Chinese Pronouns

Imagine if every time you wanted to refer to an object you had to give it's full name...

"Maria's new Aston Martin DB5 is wonderful. The Aston Martin DB5 handles like an dream, and the Aston Martin DB5 can hit 60mph in just 3 seconds. Maria loves the Aston Martin DB5."

See how clumsy and long that is?

Well, that's where pronouns come in.

With pronouns you only need to use the object's actual name once; and subject's not at all! From then on you can use pronouns like I, my, and it instead...

"My new Aston Martin DB5 is wonderful. It handles like a dream, and it can hit 60mph in just 3 seconds. I love it."

Much better.

Pronouns are words that are used in place of a noun. They can be the subject, the object, or complement. In Chinese, there are different kinds of pronouns.

Personal Pronouns

Personal pronouns substitute for the noun without repeating it. They can be divided into:

  • personal subject pronouns, which are used in place of the subject
  • personal direct pronouns, used in place of the object personal
  • indirect pronouns, used in place of the complement
  • reflexive pronouns, in connection with the reflexive verbs.

Possessive Pronouns

Possessive pronouns, that indicate the possession; they have the same form of the adjective possessive:

那个房子是我的 Nàge fángzi shì wǒde。- The house is mine.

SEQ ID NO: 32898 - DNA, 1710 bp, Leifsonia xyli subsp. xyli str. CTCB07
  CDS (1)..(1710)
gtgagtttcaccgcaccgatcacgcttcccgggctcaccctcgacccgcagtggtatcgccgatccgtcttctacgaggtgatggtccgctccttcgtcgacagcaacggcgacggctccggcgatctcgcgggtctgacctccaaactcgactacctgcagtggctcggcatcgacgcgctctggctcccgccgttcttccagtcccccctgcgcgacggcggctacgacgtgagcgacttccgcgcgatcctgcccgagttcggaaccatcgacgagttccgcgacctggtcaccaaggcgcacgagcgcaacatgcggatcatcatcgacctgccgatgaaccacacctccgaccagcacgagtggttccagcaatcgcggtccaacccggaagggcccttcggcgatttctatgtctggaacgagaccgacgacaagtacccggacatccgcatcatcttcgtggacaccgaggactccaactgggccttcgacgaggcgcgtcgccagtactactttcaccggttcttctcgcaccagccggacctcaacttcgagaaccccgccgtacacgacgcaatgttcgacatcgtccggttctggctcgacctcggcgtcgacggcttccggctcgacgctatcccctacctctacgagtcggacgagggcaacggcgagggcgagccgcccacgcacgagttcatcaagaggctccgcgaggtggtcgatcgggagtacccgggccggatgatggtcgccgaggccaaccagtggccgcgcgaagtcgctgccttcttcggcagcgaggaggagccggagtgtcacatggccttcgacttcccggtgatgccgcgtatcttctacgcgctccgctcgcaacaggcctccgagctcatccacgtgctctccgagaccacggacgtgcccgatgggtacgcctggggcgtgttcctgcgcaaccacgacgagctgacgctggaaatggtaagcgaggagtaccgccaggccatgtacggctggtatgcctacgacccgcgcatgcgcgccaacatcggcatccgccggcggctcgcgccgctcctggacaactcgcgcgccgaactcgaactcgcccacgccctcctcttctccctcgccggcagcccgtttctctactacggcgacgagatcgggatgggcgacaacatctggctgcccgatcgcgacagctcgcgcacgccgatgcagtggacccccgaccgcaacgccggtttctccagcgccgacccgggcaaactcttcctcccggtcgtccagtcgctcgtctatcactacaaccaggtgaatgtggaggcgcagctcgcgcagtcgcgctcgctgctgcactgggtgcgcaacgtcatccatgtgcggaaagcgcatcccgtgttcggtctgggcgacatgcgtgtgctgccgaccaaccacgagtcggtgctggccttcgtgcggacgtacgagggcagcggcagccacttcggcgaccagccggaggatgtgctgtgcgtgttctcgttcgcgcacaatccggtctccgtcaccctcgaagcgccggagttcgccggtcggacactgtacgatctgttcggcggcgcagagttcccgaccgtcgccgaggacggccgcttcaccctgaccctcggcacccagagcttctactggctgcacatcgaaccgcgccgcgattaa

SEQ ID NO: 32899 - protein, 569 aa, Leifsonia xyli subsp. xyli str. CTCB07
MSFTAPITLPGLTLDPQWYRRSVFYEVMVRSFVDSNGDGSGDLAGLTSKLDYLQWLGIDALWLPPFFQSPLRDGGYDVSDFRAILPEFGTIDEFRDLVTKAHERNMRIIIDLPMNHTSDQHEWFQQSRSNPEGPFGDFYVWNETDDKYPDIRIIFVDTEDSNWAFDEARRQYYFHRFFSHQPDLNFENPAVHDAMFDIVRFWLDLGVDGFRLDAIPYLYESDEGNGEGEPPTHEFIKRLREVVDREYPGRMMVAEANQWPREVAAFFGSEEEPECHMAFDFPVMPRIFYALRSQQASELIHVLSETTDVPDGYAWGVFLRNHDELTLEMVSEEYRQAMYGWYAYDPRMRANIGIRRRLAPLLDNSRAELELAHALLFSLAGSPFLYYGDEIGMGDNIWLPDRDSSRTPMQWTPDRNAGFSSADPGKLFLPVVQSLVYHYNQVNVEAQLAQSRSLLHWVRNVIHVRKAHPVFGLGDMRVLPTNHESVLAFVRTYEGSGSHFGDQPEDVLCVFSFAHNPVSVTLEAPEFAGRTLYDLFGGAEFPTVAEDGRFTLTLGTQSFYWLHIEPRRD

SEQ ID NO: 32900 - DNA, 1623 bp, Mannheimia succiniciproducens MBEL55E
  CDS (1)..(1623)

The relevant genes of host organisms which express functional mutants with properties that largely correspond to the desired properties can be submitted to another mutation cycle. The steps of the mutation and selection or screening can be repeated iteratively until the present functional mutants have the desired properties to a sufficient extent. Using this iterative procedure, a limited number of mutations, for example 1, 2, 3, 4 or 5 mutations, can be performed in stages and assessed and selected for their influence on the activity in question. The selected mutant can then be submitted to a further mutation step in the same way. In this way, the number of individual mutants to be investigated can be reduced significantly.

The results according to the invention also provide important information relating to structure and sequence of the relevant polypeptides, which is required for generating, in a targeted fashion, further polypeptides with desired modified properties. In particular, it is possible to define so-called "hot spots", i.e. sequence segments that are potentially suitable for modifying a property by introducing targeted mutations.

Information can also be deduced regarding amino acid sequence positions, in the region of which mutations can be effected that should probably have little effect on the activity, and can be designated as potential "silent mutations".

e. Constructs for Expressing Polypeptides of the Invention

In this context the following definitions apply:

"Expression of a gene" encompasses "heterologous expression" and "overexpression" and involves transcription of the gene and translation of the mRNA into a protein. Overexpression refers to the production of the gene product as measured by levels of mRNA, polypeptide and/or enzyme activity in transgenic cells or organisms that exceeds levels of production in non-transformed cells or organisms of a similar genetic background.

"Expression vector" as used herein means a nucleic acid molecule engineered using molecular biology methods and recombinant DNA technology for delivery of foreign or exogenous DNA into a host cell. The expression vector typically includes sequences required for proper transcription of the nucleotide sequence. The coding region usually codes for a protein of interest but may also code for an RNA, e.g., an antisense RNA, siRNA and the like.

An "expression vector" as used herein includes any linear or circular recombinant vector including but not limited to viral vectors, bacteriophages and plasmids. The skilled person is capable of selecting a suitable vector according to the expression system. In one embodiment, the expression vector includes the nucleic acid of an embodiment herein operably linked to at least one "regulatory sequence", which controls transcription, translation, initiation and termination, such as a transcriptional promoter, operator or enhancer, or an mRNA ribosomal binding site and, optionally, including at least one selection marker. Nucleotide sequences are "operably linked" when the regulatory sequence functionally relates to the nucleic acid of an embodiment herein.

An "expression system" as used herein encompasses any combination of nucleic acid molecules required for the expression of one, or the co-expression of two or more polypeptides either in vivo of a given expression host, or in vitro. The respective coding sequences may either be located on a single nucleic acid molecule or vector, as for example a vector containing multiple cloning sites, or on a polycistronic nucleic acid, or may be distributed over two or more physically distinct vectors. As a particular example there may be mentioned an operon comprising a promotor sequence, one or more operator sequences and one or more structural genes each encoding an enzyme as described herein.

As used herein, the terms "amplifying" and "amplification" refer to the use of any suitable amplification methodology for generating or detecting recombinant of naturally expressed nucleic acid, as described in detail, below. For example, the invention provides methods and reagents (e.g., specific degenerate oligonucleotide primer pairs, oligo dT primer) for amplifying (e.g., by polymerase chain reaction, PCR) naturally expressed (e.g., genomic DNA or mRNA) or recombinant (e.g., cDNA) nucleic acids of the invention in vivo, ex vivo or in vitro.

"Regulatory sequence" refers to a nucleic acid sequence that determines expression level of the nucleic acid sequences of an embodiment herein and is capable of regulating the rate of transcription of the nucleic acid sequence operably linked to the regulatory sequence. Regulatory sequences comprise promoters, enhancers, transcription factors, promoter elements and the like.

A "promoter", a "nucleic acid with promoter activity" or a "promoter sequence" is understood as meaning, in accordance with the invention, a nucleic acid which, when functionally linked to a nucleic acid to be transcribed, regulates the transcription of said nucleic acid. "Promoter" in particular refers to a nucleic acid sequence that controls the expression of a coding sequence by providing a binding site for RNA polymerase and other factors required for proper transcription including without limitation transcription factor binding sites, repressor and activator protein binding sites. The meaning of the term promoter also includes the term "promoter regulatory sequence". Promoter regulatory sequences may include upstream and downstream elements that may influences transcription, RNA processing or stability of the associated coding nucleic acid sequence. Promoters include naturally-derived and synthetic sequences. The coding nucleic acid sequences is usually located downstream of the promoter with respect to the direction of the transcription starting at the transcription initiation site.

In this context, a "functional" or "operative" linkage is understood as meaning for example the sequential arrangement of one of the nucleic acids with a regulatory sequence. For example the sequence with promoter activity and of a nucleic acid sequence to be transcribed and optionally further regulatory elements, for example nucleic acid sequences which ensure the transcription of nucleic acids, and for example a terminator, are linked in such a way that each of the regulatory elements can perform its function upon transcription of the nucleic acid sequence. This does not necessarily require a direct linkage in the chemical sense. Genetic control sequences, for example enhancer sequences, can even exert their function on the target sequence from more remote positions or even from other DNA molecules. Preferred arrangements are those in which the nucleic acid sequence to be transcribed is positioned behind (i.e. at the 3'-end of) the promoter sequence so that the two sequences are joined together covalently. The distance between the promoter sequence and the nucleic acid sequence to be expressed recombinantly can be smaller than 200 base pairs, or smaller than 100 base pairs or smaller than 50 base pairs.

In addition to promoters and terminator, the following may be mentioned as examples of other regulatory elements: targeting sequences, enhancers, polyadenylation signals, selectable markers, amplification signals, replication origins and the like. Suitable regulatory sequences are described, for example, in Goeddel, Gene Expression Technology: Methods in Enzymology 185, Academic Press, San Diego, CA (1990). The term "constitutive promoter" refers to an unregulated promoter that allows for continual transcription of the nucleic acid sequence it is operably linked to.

Download
我的
Wǒde
My / Mine
Download
你的
Nǐde
Yours
Download
他的
Tāde
His
Download
她的
Tāde
Hers
Download
我们的
Wǒmen de
Ours
Download
你们的
Nǐmen de
Yours
Download
他们的
Tāmen de
Theirs
Download
那个房子是我的
Nàge fángzi shì wǒde
The house is mine.

Demonstrative Pronouns

Demonstrative pronouns show the position in the space and in the time.

那个房子是我的 Nàge fángzi shì wǒde。 - That house is mine.

Download
这个
Zhège
This
Download
那个
nàgè
That
Download
这些
zhèxiē
These
Download
那些
nàxiē
Those

Indefinite Pronouns

Indefinite pronouns, that don't specify the identity of the person or of the object. 

有人打过电话 Yǒurén dǎguò diànhuà。- Someone called.

Download
某个
Mǒu gè
One / Some
Download
有个
yǒu gè
there is a
Download
有人打过电话
Yǒurén dǎguò diànhuà
Someone called

Interrogative Pronouns

Interrogative pronouns, that introduce questions:
Download
shuí
who
Download
什么-
shénme
what
Download
哪个
nǎge
which
Download
什么时候
shénme shíhòu
when
Download
为什么
wèishénme
why
Download
怎么
zěnme
how
Download
哪儿
nǎ’er
where
Download
多少钱
duōshǎoqián
how much
Download
他是谁
Tā shì shuí ?
Who is he?

Personal Subject Pronouns:

In Chinese there are 10 personal subject pronouns: 5 for the singular, 5 for the plural.

Forms:

Download
I
Download
you
Download
he
Download
she
Download
it
Download
我们
wǒmen
we
Download
你们
nǐmen
you
Download
他们
tāmen
they (referring to males)
Download
她们
tāmen
they (referring females)
Download
它们
tāmen
they (referring to objects)

For example:

Download
我是林萍。
Wǒ shì Lín Píng。
I am Lin Ping.
Download
你是谁?
Nǐ shì shuí?
Who are you?
Download
他是我的朋友。
Tā shì wǒde péngyou。
He is my friend.
Download
她很漂亮。
Tā hěn piàoliàng。
She is pretty.
Download
我们是中国人。
Wǒmen shì Zhōngguórén。
We are Chinese.
Download
你们也来吗?
Nǐmen yě lái ma?
Do you come too?
Download
他们喜欢旅行。
Tāmen xǐhuān lǚxíng。
They love traveling.

Direct Object Pronouns